Open letter to Kathleen Strottman, executive director of the Congressional Coalition on Adoption Institute
Dear Mrs Strottman,
We write to you to offer a sincere apology. Two weeks ago, we wrote a critique of the Children In Families First Act of 2013, for our website Pound Pup Legacy. In that critique, we erroneously claimed that the Congressional Coalition on Adoption Institute (CCAI) supports the CHIFF act.
This can of course not be the case, as you state in the FAQ section of your website, as well as in the press kit for the year 2013:
CCAI does not lobby on behalf of any individual piece of legislation or government program. CCAI does not take official positions on issues related to adoption and foster care, but rather seeks to provide policymakers with the resources they need to make informed decisions.
In our defense, our critique never made the claim your organization lobbies for an individual piece of legislation. CCAI is registered as a 501(c)3, and as such no substantial part of your activities would be directed towards an attempt to influence legislation. Moreover, we learned, based on the 990s filed with the IRS, you don't spend any money on lobbying activities at all.
Truth be told, after some investigation, we realized it wouldn't even make logical sense to say CCAI engages in lobbying! In fact, your organization doesn't have to. With 143 Members of Congress endorsing CCAI, and an advisory board containing four senators and four representatives of the United States Congress, you don't need to engage in lobbying. Your (board) members will do so on personal title, for you.
Similarly, adoption legislation introduced by members of congress, residing on CCAI's advisory board, is always brought to the floor in legislative function, and should never be seen as an official position of CCAI. This we perfectly understand.
Although we never suggested CCAI engaged in lobbying, we did hold the erroneous assumption that your organization supported the CHIFF Act. Our confusion in this matter arose from the fact that your organization is listed as part of The CHIFF Working Group Executive Committee.
As member of this committee, CCAI has been involved in authoring and promoting the CHIFF bill, but we now understand that shouldn't be conflated with an official position. Authoring and promoting a bill doesn't necessarily equate supporting it.
Over the years, we have not been the only ones who were misguided in our beliefs that CCAI takes positions. In 2008, your fellow CHIFF Working Group Executive Committee member, the Joint Council on International Children’s Services (JCICS) stated on their Guatemala 5000 web page:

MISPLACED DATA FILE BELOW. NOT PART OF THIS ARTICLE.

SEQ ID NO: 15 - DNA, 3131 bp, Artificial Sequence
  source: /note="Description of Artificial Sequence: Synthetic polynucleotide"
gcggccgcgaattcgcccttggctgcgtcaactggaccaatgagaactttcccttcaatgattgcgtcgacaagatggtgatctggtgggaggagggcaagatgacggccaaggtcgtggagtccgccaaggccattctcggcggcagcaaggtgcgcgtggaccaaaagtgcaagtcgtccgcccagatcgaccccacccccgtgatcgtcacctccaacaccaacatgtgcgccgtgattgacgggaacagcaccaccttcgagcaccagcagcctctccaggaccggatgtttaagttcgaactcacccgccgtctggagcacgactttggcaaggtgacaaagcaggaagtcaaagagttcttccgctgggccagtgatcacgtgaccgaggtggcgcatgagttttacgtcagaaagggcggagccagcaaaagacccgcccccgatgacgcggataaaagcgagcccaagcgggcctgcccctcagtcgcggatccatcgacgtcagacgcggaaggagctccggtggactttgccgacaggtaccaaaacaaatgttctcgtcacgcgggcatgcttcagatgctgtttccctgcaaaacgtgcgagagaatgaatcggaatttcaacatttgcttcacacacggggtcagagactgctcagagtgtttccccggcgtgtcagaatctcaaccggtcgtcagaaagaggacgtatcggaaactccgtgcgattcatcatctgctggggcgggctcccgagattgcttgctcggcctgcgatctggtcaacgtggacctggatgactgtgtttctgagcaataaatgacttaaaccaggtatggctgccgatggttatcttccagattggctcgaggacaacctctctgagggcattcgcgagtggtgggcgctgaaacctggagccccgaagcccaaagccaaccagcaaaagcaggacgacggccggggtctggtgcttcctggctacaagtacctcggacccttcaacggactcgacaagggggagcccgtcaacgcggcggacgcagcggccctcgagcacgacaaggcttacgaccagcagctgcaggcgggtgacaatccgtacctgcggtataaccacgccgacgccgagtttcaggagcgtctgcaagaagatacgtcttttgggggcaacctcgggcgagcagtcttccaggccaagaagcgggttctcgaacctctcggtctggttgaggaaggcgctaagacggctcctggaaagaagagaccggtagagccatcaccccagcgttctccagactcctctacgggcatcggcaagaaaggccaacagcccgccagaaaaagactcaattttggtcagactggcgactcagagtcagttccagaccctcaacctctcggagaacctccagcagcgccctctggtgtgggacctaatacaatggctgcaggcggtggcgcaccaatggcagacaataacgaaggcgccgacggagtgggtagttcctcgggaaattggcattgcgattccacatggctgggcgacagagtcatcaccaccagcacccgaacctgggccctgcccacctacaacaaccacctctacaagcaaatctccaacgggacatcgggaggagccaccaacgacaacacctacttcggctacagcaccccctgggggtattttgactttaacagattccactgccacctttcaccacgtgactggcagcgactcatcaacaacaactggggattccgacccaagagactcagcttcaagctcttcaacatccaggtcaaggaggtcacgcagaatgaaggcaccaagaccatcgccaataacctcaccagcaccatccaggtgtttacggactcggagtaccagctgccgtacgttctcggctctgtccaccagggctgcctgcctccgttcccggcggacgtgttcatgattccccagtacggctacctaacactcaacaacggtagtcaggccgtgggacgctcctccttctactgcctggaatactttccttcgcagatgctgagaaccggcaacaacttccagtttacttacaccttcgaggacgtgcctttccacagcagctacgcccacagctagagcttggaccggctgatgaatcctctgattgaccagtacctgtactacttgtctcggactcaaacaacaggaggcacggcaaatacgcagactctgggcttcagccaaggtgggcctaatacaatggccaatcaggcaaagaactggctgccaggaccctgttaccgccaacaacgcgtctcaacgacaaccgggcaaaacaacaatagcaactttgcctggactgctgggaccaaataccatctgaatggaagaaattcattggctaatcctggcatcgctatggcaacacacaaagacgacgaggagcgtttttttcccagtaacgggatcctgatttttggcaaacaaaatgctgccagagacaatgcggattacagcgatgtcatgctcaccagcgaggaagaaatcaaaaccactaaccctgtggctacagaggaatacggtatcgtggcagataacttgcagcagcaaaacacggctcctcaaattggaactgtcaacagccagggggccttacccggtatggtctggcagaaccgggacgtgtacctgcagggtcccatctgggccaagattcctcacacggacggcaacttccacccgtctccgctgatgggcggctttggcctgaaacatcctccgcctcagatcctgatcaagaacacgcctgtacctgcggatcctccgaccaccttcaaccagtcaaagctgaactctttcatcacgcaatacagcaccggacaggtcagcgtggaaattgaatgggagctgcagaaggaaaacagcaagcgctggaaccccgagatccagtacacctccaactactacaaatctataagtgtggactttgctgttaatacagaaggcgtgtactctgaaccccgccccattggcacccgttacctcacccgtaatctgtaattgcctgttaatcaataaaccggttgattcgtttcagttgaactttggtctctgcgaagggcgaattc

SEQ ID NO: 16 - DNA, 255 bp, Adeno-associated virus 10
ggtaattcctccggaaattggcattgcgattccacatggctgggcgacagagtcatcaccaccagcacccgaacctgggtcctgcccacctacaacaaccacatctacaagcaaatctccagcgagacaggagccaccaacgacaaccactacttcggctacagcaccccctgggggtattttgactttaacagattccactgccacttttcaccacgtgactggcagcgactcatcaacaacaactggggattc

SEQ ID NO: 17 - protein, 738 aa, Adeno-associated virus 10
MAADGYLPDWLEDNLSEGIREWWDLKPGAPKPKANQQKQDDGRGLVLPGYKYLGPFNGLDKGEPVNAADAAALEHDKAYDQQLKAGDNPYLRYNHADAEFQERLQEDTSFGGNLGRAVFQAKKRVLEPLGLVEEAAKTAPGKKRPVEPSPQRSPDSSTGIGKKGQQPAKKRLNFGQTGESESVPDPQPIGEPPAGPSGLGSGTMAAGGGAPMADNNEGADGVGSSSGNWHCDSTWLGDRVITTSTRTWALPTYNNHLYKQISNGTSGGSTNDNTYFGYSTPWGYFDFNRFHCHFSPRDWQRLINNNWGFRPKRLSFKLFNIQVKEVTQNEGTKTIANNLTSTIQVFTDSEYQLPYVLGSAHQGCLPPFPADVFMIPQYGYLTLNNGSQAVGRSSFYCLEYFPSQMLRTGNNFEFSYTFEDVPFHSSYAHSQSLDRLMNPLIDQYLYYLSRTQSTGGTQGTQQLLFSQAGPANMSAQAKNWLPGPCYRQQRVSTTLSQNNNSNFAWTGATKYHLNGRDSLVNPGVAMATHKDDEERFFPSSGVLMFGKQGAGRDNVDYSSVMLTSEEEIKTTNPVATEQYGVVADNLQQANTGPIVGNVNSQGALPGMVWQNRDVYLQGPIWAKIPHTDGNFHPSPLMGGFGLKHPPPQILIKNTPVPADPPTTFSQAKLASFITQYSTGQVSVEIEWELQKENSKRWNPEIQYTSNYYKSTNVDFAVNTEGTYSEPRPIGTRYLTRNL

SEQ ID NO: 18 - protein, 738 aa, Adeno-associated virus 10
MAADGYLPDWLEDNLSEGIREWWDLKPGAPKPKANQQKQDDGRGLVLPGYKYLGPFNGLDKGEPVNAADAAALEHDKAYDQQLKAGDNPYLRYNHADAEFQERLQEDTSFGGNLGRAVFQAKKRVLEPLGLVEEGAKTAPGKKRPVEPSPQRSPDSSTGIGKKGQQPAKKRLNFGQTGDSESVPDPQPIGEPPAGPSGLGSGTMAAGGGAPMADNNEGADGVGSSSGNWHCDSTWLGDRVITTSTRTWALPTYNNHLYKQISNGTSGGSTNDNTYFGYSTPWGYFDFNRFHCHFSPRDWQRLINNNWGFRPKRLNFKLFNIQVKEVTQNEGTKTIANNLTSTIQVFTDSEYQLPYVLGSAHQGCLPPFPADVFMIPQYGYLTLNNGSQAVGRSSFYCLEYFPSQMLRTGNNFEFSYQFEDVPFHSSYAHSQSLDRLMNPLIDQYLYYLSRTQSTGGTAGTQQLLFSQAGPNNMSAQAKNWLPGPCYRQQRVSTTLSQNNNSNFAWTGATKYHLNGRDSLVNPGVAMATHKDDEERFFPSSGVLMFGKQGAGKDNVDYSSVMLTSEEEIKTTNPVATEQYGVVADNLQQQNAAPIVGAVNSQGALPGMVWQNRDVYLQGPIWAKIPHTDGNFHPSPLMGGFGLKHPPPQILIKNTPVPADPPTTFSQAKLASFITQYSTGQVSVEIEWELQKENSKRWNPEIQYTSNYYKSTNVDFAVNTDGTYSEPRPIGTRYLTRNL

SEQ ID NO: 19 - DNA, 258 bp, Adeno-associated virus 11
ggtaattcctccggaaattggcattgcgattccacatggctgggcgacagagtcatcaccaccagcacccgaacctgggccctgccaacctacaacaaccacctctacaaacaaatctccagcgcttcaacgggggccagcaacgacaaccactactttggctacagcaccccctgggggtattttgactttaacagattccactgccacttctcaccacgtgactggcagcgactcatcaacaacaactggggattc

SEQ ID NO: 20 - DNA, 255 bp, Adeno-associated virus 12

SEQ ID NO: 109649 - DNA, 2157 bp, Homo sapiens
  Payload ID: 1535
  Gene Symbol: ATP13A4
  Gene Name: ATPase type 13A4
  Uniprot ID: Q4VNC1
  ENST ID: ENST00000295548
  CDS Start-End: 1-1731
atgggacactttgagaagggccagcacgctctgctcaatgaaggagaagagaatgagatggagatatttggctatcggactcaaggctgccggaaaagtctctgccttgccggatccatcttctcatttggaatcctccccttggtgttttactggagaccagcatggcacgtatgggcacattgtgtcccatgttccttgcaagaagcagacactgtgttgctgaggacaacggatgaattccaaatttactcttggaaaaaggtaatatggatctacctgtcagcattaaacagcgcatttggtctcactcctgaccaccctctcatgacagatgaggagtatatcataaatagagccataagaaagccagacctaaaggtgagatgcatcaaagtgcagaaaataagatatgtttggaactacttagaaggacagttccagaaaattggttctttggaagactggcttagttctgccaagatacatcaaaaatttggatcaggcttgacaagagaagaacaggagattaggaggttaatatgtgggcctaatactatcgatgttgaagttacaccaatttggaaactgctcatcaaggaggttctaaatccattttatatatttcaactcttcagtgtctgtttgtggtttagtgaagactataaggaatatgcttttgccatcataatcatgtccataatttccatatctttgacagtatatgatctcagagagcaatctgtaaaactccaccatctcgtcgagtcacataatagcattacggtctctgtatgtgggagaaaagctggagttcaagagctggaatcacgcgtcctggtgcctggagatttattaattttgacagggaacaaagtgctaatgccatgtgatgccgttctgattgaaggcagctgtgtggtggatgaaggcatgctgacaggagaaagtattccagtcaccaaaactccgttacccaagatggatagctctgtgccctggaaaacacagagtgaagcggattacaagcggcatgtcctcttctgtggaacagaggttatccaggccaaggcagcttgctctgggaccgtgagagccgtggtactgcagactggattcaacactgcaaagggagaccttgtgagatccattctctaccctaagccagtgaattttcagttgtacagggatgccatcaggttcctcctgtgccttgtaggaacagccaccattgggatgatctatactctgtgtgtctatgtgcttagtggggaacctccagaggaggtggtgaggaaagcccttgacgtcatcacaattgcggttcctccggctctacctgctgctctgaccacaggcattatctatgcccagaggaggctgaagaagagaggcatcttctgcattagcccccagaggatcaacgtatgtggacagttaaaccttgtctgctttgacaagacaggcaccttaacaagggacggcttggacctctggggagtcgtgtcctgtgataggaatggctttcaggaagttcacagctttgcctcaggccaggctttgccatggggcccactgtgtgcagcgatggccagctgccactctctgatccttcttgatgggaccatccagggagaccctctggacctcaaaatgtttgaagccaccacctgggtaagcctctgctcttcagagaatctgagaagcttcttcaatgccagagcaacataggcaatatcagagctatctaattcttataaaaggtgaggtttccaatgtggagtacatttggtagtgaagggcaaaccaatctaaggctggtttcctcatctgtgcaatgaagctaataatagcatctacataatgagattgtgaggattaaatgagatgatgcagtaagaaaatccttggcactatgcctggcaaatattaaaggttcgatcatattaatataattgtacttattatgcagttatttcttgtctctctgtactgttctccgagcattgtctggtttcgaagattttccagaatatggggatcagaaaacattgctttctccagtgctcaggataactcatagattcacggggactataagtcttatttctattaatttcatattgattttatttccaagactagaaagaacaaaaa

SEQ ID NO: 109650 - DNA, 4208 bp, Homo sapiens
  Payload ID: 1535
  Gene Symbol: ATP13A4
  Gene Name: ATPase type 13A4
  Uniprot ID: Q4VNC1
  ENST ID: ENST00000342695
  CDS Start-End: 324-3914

Ask them [members of congress] to sign the Congressional Coalition on Adoption Institute (CCAI) sponsored letter to Guatemalan president Oscar Berger.
Apparently, JCICS mistook your involvement in that letter (which was signed by 206 members of congress, unless we count twice the double signatures of representatives Steven Rothman, Dan Burton, Bart Gordon, Carolyn Maloney, David Wu, Tom Davis, Steven LaTourette, James T. Walsh, Christopher H. Smith, and Jerry Costello), as being in support of it, while such an activity is, as we now understand, nothing more than providing resources to policymakers to make informed decisions.
We sincerely hope JCICS, at the time, rectified their mistake, otherwise people would get the impression that CCAI does take official positions, and we can't have that, can we Mrs Strottman?
We hope you will accept our deepest apologies for misinterpreting your position with respect to the CHIFF Act. There is a fine line between lobbying and being an informational resource. There is also a fine line between authoring a position and taking that position, but we trust you know all technicalities to prevent you from crossing that line.
This leaves us with one question. We very much want to rectify our earlier statements about the position of CCAI with respect to the CHIFF Act, but we have a hard time finding the appropriate words. This is why we turn to you. What would, in your opinion, be an appropriate definition of the non-position you have with respect to the CHIFF Act? Would it be fair to say you are uncommitted to your own work, or is there a better way to frame CCAI's involvement in the CHIFF Act?
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